Lima Photo Diary

After a whole month of exploring, discovering and constantly expecting the unfamiliar, it’s strange to be sitting still, staring at a screen and trying to put into words exactly what the last few weeks have looked, sounded, smelled, tasted and felt like. It’s nearly impossible!

Nonetheless, I’m going to start with the first stop on my journey: A glimpse of Lima, Peru through my eyes.


I wasn’t able to properly discover Lima as it was just a short stop before moving on to the rest of Peru so all I have are some scattered snapshots of my one day in the city. I also unfortunately landed on a rather cloudy and chilly day (so much for all those shorts I packed!) so my time here was gray and cold.




Lima is the capital and the largest city of Peru with around 9 million inhabitants. I was staying in Miraflores which is one of the more upscale areas of Lima, with luxury hotels, restaurants, shops and overlooking the Pacific Ocean. A popular destination in Miraflores is Larco Mar which is a fancy shopping and entertainment center. Do stop by Tanta for a spot of fresh Ceviche (when in Peru, right?) if you’re ever here.




Taking a stroll through the neighbouring areas of Miraflores, you will find several colonial influences in the city’s architecture. It’s also peppered with several parks and green areas which are always full of people – young couples, children on their way home from school and families enjoying the outdoors.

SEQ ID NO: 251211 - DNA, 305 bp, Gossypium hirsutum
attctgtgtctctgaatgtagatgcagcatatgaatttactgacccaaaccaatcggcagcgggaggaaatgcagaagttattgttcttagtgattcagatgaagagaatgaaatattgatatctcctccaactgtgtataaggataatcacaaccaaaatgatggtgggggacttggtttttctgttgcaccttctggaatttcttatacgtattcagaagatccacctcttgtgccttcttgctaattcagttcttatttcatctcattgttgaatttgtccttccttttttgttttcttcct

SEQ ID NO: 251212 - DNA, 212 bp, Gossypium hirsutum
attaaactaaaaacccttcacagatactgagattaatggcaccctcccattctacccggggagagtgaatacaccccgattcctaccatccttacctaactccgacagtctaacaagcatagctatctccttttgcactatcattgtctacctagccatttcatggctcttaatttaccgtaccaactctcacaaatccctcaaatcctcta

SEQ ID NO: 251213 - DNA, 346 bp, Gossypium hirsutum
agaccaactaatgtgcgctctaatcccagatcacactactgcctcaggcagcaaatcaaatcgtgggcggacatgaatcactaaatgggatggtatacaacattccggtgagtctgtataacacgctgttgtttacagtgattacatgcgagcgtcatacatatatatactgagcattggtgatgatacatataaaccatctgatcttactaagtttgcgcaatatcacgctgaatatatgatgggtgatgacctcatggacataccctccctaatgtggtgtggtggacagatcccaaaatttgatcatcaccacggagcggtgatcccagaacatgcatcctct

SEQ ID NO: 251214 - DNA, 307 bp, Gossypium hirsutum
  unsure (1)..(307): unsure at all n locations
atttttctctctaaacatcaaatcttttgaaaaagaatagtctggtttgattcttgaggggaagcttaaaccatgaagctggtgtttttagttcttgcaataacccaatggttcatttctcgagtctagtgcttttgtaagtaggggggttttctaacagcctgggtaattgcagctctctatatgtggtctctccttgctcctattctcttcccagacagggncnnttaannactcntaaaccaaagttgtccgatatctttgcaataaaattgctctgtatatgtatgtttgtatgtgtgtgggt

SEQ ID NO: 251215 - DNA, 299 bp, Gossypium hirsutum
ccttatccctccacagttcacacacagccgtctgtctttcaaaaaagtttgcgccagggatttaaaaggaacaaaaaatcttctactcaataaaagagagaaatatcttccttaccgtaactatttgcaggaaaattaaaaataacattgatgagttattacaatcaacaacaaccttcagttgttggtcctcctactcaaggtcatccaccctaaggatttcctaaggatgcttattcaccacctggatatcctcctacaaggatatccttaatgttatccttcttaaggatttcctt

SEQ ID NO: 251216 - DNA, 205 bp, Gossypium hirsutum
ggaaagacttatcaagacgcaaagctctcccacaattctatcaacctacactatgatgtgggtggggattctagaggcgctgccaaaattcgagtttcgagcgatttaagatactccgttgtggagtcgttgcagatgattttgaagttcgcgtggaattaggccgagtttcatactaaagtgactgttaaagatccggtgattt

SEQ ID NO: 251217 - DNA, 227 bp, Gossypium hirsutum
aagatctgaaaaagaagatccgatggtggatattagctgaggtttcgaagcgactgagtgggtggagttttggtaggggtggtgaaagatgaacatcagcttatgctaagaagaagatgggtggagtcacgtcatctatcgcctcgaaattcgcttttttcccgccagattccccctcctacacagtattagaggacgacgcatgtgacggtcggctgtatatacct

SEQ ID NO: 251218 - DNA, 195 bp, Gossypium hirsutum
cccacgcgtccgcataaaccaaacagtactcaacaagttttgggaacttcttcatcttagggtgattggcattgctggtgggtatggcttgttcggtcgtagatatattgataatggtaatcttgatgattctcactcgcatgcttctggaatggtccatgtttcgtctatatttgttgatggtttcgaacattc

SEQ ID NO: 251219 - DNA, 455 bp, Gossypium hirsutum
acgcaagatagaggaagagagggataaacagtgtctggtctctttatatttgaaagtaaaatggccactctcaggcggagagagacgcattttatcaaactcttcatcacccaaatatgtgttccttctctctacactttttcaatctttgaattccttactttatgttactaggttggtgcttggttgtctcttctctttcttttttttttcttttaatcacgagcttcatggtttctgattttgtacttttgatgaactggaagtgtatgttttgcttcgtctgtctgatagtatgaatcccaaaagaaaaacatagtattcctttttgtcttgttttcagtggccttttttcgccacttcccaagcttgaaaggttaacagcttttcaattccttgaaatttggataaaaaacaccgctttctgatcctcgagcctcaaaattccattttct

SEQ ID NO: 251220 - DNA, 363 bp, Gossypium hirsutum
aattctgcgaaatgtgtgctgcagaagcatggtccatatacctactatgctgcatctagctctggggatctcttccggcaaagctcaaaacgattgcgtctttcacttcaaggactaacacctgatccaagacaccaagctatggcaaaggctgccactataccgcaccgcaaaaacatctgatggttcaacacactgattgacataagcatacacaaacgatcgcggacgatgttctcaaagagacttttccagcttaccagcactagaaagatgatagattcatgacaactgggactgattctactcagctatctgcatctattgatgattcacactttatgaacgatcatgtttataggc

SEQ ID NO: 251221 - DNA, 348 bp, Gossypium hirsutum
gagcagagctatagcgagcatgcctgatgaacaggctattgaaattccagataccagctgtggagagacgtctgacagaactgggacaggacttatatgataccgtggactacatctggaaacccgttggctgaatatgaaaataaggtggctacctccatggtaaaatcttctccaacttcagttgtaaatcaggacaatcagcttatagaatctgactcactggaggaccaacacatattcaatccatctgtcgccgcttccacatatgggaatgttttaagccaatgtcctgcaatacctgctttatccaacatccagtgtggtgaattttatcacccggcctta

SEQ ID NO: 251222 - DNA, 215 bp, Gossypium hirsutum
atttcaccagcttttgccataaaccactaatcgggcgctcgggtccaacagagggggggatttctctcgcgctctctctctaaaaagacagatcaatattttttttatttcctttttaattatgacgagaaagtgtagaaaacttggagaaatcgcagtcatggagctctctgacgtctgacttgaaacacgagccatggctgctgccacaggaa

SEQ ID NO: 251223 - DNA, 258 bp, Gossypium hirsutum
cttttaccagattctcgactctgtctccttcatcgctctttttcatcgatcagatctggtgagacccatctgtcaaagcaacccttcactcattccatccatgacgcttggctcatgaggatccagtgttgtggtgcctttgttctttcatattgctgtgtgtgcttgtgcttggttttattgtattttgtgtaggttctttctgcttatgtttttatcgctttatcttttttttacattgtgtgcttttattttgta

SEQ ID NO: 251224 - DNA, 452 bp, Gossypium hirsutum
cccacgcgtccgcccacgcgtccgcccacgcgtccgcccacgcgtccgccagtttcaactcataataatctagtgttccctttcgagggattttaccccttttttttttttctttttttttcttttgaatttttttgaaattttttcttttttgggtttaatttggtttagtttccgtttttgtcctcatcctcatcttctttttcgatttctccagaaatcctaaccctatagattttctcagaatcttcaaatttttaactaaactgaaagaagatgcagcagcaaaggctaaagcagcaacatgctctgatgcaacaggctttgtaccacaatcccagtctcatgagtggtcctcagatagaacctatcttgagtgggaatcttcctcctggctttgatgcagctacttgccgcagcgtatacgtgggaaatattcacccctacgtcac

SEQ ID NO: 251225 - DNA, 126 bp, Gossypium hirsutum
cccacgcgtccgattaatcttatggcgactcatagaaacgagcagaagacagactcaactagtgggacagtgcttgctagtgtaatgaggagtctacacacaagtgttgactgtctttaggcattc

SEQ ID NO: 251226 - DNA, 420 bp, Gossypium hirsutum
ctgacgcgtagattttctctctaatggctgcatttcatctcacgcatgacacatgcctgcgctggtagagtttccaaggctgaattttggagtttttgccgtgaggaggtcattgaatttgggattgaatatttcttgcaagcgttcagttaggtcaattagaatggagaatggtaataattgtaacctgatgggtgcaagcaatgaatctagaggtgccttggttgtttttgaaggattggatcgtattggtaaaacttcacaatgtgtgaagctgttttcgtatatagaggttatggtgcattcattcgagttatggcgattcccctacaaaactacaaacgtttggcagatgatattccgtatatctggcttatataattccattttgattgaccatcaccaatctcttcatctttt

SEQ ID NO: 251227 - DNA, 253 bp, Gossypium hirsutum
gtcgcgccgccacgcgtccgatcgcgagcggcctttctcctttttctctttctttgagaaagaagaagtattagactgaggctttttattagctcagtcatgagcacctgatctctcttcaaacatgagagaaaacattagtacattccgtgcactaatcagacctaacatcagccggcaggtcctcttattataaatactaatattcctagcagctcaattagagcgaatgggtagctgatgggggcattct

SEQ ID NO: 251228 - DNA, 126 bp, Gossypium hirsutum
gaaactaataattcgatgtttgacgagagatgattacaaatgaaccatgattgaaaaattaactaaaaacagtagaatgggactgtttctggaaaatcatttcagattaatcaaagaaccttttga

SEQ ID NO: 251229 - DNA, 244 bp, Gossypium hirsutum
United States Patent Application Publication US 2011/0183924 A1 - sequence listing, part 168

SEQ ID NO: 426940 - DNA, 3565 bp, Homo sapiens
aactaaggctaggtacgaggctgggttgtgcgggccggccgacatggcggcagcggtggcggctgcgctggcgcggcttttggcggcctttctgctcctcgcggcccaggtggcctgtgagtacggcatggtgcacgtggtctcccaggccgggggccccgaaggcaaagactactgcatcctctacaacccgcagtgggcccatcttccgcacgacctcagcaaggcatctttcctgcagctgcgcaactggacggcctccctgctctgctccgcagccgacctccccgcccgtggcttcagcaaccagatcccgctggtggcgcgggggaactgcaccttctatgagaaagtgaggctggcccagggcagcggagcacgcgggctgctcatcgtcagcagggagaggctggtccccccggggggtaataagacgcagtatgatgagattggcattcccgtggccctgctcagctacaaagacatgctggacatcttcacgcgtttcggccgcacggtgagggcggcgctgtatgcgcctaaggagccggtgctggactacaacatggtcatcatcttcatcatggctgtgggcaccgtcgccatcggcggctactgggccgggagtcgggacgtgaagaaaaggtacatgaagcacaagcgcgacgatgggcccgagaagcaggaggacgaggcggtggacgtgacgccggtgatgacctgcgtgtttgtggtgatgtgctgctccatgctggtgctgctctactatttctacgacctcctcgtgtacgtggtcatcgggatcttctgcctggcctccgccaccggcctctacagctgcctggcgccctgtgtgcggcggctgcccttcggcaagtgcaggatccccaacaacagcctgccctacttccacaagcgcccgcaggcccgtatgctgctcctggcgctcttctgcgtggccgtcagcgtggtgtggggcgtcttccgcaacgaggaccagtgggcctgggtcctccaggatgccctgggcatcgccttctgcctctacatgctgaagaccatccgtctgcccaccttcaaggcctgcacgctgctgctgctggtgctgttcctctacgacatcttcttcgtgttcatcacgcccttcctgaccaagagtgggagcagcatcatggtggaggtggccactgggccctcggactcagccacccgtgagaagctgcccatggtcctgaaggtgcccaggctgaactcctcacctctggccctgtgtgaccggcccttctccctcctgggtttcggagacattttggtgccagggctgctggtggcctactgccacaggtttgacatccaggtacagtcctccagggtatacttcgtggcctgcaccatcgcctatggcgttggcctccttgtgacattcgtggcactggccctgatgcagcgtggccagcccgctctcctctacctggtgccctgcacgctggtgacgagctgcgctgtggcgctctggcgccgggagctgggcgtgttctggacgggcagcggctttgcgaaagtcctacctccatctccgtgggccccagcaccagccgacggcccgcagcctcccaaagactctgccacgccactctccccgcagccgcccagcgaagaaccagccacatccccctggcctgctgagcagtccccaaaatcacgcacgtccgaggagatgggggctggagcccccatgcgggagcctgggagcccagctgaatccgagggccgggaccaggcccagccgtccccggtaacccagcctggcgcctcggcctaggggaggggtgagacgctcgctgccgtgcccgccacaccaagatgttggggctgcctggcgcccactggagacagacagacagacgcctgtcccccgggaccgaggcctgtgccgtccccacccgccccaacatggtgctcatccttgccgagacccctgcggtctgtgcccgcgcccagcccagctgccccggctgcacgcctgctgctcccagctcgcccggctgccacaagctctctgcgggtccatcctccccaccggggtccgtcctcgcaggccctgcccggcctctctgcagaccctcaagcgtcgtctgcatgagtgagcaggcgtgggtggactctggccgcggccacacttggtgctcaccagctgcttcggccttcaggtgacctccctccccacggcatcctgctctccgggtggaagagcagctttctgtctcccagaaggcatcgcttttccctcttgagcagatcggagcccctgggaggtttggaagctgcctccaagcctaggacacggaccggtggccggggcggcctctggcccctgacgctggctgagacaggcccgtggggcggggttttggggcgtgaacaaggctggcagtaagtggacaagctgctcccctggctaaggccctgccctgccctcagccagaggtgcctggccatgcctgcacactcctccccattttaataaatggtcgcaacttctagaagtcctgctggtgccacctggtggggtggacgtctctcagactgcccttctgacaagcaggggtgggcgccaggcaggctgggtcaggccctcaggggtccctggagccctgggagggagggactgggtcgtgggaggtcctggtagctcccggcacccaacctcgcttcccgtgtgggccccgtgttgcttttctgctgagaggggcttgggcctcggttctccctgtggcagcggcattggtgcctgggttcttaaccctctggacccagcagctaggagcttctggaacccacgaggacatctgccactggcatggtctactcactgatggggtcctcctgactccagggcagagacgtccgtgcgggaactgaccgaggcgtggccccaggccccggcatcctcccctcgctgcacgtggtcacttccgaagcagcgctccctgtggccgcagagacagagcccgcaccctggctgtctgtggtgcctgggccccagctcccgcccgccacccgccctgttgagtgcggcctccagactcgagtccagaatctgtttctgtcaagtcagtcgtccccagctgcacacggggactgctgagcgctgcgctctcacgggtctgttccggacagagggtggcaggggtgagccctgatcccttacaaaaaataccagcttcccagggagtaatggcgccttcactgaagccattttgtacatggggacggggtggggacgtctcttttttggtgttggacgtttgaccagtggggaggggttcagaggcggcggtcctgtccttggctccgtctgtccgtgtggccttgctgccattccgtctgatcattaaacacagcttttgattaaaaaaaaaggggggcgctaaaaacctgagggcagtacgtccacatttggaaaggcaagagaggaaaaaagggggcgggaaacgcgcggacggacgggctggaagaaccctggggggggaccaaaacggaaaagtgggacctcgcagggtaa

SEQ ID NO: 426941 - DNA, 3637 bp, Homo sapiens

Something that I wasn’t expecting to see was the amount of poverty. In my mind Lima was the capital and biggest city in Peru and therefore, prosperous but unlike Miraflores, the rest of the city was a stark contrast. Broken down or unfinished housing and buildings covered in graffiti, hawkers at every corner selling fake or poor quality goods and children running around on open streets.

As my journey through South America continued, the concept of poverty actually became more and more real. The inequality between indigenous immigrants from own and neighbouring countries and ‘new money’ from current economic growth is vast and evident in every single place I visited.

Over the next few weeks, I hope I’m able to do justice to everything I was fortunate enough to experience in this continent; the good and the bad.

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